Politicians could be making the economic slowdown in the U.S. worse than it really is by constantly reminding voters that the economy needs fixing. This is the view of some analysts who say that because consumer spending is the primary engine that drives U.S. economic growth, negative messages during this election year cycle can have a dampening effect on the world's largest economy. VOA's Mil Arcega reports.
Rising unemployment, the housing downturn and stock market plunges have made the state of the economy the number one issue for voters -- replacing the Iraq war.
This has led presidential hopefuls from both the Democratic and Republican parties to work hard at convincing Americans that they have the knowledge, experience and wisdom to heal the ailing economy
Republican candidate John McCain said recently, "It's obviously important to stop the spending. As president I know how to do it."
Democratic candidate Barack Obama said, "We will once again lead the world, not just militarily but diplomatically, economically."
Hilary Clinton, the leading Democratic candidate, said, "We've got to do something about this. And there's a big difference between talking and acting."
But some economists say all the talk about the economy -- especially the emphasis on the negative -- only serves to make matters worse.
Dan North is the chief economist at Euler Hermes, one of the largest credit insuring firms in the world. Hermes says, "When you get this relentless drum beat, which I've seen before in election years, it tends to make people pull their horns in a little bit because they do start worrying more about the economy."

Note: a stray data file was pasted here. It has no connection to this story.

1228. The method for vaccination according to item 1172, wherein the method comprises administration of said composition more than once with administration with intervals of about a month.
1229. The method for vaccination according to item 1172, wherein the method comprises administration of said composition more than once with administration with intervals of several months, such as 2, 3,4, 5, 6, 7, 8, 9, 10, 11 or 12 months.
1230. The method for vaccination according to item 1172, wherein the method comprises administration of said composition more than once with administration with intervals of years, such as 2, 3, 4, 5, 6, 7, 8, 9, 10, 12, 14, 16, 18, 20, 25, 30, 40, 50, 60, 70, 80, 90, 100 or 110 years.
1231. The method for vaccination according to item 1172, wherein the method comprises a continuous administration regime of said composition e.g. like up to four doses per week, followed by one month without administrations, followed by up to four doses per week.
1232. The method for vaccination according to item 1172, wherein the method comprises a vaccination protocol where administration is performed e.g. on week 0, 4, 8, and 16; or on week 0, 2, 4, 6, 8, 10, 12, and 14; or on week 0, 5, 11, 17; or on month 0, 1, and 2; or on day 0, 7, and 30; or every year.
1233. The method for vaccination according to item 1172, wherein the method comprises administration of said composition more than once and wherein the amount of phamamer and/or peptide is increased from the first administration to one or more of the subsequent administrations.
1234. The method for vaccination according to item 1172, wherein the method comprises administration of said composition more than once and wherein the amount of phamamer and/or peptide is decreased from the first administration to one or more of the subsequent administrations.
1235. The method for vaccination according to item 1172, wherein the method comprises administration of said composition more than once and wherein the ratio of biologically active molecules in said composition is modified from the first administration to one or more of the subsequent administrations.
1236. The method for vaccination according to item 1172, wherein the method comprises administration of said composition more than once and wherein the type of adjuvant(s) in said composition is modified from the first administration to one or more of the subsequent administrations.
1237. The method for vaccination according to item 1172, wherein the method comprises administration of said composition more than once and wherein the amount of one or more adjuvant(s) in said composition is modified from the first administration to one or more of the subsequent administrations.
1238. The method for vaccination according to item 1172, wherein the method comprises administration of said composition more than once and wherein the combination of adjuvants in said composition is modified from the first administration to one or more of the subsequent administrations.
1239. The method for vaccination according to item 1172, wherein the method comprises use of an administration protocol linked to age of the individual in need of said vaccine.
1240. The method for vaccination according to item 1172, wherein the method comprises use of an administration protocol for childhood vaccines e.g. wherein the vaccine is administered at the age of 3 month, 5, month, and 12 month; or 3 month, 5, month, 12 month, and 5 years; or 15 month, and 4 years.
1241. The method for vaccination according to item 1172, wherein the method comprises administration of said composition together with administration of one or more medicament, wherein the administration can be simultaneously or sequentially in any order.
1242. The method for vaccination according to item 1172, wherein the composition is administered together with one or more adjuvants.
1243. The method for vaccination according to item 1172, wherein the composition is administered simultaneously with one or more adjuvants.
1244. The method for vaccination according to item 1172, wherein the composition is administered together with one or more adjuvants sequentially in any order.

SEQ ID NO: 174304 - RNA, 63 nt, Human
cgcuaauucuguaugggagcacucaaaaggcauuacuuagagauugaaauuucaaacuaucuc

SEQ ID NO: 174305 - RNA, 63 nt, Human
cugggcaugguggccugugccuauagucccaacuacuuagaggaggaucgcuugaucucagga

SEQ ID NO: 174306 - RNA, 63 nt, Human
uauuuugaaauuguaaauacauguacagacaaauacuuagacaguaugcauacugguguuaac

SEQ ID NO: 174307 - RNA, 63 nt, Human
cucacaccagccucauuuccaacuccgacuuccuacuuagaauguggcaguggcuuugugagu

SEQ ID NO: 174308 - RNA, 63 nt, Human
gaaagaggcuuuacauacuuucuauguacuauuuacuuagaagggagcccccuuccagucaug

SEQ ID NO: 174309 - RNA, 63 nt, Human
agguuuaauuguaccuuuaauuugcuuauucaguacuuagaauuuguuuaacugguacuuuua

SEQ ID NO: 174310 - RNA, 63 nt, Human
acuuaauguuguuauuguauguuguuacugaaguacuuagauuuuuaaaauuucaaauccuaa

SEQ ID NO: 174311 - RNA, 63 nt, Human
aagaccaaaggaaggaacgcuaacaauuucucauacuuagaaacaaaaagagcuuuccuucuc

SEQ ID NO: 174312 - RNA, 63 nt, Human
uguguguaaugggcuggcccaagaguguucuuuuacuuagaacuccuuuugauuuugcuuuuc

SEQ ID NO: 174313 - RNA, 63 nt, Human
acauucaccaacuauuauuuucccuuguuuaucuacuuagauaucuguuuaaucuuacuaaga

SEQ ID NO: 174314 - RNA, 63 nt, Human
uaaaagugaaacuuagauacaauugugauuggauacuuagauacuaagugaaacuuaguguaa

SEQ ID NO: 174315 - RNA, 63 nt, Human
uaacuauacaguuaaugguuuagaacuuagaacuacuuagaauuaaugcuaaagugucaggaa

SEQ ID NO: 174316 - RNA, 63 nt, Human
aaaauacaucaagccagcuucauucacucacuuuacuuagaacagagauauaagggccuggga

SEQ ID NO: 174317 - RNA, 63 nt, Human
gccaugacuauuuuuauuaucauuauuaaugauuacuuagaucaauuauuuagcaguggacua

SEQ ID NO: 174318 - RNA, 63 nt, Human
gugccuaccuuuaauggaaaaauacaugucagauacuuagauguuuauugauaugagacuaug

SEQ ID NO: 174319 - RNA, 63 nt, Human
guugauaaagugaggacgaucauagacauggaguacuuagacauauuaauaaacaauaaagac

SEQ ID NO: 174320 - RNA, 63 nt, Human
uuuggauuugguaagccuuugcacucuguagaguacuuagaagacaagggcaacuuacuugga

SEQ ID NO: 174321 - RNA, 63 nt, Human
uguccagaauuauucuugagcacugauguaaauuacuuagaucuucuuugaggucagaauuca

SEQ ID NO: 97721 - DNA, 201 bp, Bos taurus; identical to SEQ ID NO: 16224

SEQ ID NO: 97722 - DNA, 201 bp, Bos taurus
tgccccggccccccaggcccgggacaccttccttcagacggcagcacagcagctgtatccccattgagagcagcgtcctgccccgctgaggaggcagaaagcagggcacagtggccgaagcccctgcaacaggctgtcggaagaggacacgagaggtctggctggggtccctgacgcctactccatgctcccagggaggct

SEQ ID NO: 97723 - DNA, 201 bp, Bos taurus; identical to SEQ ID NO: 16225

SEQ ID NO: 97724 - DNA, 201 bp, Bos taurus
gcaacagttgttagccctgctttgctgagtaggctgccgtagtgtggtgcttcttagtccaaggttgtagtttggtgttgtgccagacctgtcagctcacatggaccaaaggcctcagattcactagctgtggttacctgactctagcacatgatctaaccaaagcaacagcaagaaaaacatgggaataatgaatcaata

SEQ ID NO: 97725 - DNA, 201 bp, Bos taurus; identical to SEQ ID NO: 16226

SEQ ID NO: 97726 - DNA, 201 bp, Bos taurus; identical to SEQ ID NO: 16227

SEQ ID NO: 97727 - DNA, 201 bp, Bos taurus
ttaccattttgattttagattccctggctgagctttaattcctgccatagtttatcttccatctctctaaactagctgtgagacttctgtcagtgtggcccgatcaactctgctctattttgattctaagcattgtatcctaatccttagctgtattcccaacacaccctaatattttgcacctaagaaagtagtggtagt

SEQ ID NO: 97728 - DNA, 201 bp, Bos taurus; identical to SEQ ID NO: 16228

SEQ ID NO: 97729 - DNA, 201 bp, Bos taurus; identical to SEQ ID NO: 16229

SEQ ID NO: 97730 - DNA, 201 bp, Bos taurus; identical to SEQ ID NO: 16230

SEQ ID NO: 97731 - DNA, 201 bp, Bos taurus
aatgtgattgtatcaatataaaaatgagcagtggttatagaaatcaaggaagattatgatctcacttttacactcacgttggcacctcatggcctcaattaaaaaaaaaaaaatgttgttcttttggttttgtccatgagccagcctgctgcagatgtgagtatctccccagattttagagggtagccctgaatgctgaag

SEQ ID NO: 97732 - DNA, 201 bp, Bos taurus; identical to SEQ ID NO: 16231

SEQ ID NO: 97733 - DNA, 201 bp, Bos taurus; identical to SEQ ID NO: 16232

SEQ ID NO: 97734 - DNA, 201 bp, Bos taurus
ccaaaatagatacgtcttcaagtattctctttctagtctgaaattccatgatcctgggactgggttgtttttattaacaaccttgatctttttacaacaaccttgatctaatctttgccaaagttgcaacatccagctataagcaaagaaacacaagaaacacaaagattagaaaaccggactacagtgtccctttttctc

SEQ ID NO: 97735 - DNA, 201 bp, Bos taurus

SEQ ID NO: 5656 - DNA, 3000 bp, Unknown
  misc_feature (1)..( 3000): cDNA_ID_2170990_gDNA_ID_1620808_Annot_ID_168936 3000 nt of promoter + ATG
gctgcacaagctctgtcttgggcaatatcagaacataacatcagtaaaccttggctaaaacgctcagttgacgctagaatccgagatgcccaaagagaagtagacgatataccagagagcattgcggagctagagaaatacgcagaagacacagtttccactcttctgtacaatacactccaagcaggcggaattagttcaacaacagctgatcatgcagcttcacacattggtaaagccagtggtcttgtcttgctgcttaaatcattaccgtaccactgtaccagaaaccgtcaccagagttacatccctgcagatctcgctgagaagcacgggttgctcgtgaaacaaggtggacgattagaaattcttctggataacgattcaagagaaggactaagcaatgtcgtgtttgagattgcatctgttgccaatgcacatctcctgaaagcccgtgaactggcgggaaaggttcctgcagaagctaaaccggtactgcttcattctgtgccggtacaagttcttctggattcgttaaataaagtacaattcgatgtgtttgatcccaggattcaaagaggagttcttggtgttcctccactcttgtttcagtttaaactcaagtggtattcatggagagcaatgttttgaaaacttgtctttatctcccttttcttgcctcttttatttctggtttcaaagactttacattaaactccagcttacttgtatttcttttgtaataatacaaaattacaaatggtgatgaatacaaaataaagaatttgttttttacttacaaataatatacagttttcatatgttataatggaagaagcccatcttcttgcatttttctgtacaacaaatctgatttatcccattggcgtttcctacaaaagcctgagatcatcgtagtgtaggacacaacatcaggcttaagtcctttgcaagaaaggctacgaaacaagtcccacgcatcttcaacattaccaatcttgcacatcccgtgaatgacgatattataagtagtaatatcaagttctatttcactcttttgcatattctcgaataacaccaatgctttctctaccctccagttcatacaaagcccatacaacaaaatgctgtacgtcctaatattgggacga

And when people are worried, North says they tend to spend less. "Most of our economy is based on people spending - that is buying milk, buying cars, and suits and TVs, and that sort of thing. That's what drives our economy. Two thirds of our economy is driven by consumers. So if consumers stop spending because the economy is slowing, it's gonna be yet another drag on the economy itself."
Even financial markets are not immune. Tom Hertz, an economics professor at American University, says investors react in similar fashion to stock market psychology. He says what happens in U.S. markets often has a chilling effect on markets around the world. "Well, suppose you're a Japanese investor and you discover that there's something going wrong in the American market and you think it may or may not affect the Japanese market, well, just to be sure, you sell, right? So -- self-fulfilling prophecy - it does affect the Japanese market."
Any recovery of the slumping U.S. housing market may be similarly affected. Economists say fears that the U.S. economy may already be in a recession is causing some buyers to think twice before making any big purchases.